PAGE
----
Should authors declare a conflict of interest because they suffer from the illness they are writing about?

Some researchers issued a novel demand for correction of an undeclared conflict of interest stemming from the author of a criticism of their work suffering from the illness targeted by their intervention.

Should the concept of conflict of interest be expanded?

Recently, a hostile reviewer demanded that authors of a manuscript submitted to The BMJ provide proof that they had a confirmed diagnosis of a illness from which they claimed they had suffered for decades. Should patient-authors get notes from their physicians to accompany their conflict of interest statements?

The critique that upset the PACE investigators is available here:

Keith J Geraghty. ‘PACE-Gate’: When clinical trial evidence meets open data access Journal of Health Psychology DOI: https://doi.org/10.1177/1359105316675213

conflict-of-interestThe email conveying the demand is reproduced below. Basically, the investigators from the PACE trial of cognitive behavior therapy and graded exercise therapy for chronic fatigue syndrome demanded:

 

  • Partial retraction of an article critical of their work.
  • Issuing of a conflict of interest because the author of the critique suffered from the illness targeted by the trial.
  • The corrected article be posted with a full response from the PACE investigators,  and not appear until readers could compare the two.

Note that the author did not mention in the article that he suffered from any illness. Should he have?

How far should we extend this requirement? Should principal investigators be required to declare on their grant applications whether they suffer from any relevant chronic illness? Should NIMH require a formal psychiatric evaluation of applicants for depression grants?

Should authors of HIV/AIDS articles declare their viral status?

How about blanket declarations: “The authors have all had recent physical examinations and declare they have no relevant health conditions?

How about reviewers? Reviewer conflict of interest can be important.

Finally, was it an invasion of the author’s privacy for the PACE investigators to seek out evidence of any illness and write to the journal editor about it?

Dear Dr Marks,

We were surprised and alarmed to read the on-line editorial by Dr Geraghty, published on Monday in the Journal of Health Psychology. http://m.hpq.sagepub.com/content/early/2016/10/27/1359105316675213.full.pdf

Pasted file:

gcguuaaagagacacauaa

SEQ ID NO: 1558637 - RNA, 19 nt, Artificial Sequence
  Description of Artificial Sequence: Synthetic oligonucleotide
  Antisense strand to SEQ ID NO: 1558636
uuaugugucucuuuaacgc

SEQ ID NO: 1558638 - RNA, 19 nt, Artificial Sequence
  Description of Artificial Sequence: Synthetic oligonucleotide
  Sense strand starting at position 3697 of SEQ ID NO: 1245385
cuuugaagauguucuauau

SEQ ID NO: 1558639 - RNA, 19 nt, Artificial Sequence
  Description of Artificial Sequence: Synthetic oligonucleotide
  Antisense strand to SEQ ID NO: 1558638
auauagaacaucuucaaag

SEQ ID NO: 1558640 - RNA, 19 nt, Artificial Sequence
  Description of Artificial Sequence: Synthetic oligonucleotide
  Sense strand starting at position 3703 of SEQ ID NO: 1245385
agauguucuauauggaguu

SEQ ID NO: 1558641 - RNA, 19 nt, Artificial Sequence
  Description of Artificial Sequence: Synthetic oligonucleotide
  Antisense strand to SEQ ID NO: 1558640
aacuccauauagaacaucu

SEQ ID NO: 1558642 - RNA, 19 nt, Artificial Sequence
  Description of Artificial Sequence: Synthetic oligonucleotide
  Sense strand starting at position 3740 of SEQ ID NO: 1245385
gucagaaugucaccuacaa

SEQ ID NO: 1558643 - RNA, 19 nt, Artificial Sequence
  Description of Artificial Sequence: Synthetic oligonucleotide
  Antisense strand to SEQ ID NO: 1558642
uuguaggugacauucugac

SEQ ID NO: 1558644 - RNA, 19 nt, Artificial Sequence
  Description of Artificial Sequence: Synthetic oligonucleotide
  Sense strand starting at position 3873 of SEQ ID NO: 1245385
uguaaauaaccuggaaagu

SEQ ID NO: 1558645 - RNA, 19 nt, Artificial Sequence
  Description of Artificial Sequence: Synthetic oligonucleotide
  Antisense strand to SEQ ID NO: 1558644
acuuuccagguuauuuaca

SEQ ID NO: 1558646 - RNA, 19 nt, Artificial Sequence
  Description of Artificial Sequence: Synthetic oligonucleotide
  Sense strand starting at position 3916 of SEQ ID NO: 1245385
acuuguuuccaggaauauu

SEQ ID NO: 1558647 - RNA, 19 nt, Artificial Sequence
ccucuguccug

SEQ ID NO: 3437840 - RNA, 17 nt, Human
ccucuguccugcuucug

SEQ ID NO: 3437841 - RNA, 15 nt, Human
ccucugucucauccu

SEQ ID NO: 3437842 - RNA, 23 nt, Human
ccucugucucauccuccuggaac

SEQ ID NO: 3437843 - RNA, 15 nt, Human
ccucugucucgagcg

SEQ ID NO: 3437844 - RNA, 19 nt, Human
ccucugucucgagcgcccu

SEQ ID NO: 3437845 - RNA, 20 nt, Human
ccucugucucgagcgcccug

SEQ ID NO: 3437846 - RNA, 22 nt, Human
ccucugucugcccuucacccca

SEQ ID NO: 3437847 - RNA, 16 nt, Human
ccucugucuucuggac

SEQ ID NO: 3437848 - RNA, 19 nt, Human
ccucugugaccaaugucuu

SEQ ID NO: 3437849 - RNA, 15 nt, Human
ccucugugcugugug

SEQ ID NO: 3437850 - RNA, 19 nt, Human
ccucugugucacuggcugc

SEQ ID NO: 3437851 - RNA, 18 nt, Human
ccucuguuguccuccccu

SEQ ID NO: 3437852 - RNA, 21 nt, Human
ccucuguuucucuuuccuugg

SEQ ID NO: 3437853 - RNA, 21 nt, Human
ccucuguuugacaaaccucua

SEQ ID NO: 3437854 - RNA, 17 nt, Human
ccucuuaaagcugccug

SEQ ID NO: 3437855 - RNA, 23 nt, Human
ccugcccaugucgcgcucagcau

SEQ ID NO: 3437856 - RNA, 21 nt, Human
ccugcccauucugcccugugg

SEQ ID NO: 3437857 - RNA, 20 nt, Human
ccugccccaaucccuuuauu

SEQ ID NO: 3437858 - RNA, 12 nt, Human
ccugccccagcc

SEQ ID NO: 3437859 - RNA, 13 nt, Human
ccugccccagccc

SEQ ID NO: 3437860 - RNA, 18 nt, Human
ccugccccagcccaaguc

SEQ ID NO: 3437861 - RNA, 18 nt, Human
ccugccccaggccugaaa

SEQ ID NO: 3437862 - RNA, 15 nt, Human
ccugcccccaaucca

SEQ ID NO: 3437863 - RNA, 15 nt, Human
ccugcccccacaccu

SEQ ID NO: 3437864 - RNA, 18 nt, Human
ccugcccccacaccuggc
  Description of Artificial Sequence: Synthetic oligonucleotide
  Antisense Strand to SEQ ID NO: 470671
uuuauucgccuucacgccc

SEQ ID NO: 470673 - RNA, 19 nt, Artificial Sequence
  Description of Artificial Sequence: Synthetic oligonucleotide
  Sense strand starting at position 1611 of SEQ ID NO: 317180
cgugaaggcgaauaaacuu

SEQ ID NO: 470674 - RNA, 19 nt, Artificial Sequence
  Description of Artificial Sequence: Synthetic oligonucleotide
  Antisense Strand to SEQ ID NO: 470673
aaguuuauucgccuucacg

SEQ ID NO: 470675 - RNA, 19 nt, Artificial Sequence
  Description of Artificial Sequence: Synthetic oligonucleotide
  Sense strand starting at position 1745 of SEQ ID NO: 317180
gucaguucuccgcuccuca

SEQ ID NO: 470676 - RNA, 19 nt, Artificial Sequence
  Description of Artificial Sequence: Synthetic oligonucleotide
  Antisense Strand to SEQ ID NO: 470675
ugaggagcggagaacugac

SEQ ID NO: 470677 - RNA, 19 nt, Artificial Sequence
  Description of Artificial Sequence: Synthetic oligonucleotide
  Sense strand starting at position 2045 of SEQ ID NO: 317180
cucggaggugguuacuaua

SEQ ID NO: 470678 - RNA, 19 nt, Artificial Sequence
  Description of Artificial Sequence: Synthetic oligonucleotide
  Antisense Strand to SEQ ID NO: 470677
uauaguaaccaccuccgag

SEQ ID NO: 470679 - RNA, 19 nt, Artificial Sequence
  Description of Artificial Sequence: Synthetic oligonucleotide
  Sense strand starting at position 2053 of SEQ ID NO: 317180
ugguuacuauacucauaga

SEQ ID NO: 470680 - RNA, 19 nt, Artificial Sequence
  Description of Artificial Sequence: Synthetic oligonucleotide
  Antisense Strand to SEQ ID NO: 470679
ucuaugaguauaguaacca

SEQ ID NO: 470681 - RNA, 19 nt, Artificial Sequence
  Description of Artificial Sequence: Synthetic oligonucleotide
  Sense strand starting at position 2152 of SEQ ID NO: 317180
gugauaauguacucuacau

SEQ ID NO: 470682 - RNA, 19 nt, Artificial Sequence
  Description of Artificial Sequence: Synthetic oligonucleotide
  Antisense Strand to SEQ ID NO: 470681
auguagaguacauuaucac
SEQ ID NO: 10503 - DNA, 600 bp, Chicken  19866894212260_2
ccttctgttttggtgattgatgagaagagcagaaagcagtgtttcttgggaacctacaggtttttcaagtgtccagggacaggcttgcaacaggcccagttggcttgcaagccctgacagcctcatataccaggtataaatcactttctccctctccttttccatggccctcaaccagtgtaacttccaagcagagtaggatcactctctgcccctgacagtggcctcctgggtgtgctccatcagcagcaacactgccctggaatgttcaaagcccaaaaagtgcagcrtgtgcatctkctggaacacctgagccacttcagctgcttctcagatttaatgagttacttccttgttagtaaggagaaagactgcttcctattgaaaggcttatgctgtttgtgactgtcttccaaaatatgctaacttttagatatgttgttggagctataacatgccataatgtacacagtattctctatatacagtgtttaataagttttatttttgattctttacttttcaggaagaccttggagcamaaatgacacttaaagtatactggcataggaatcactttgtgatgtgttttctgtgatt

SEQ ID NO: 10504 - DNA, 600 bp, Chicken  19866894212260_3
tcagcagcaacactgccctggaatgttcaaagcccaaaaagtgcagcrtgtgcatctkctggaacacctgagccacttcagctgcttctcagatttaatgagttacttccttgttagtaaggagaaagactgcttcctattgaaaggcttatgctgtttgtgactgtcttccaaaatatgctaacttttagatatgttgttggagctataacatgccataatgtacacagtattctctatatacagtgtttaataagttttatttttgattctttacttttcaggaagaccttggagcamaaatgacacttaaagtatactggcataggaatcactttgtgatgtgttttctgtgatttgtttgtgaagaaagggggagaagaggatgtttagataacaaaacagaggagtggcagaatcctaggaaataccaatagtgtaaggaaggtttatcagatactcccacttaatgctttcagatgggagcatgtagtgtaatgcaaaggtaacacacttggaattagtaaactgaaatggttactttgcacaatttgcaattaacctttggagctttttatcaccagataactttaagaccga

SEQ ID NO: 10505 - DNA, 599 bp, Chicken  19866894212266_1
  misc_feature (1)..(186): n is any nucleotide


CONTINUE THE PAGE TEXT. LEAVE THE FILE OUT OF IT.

While we would support robust criticisms of science and believe people are entitled to their opinions, we were more than surprised by the personal criticisms made in the piece, which were often unsubstantiated. We do not believe that fellow scientists should indulge in ad hominem attacks and innuendos. For instance, Geraghty wrote ” However, there are accepted scientific procedures and standards that appear to have been neglected, or bypassed, by the PACE Trial team. Their actions have arguably caused distress to patients, added a million pounds of additional costs to a publically funded trial and have left us with two versions of ‘truth’ concerning the trial’s findings – the published analysis versus the recent re-analysis.” Where is the evidence for these statements?

Therefore we ask you:

  1. To revise the piece in order to remove all the personal attacks and innuendos.
  2. To include in a revision the author’s potential conflict of interest as a sufferer of the illness he writes about. See: http://iacfsme.org/PDFS/2016MayNesletter/Attachment-08-Dr-Keith-Geraghty-Doing-CFS-research.aspx
  3. To enable us then to respond with equal prominence to the remaining criticisms as a whole, in the same online first and print versions so that readers can see both articles side by side and then make up their own minds. At present this is not possible because of the selective, one sided nature of the editorial as it stands.

We look forward to your early reply.

Yours sincerely,

Professors White, Chalder and Sharpe

Co-principal investigators of the PACE trial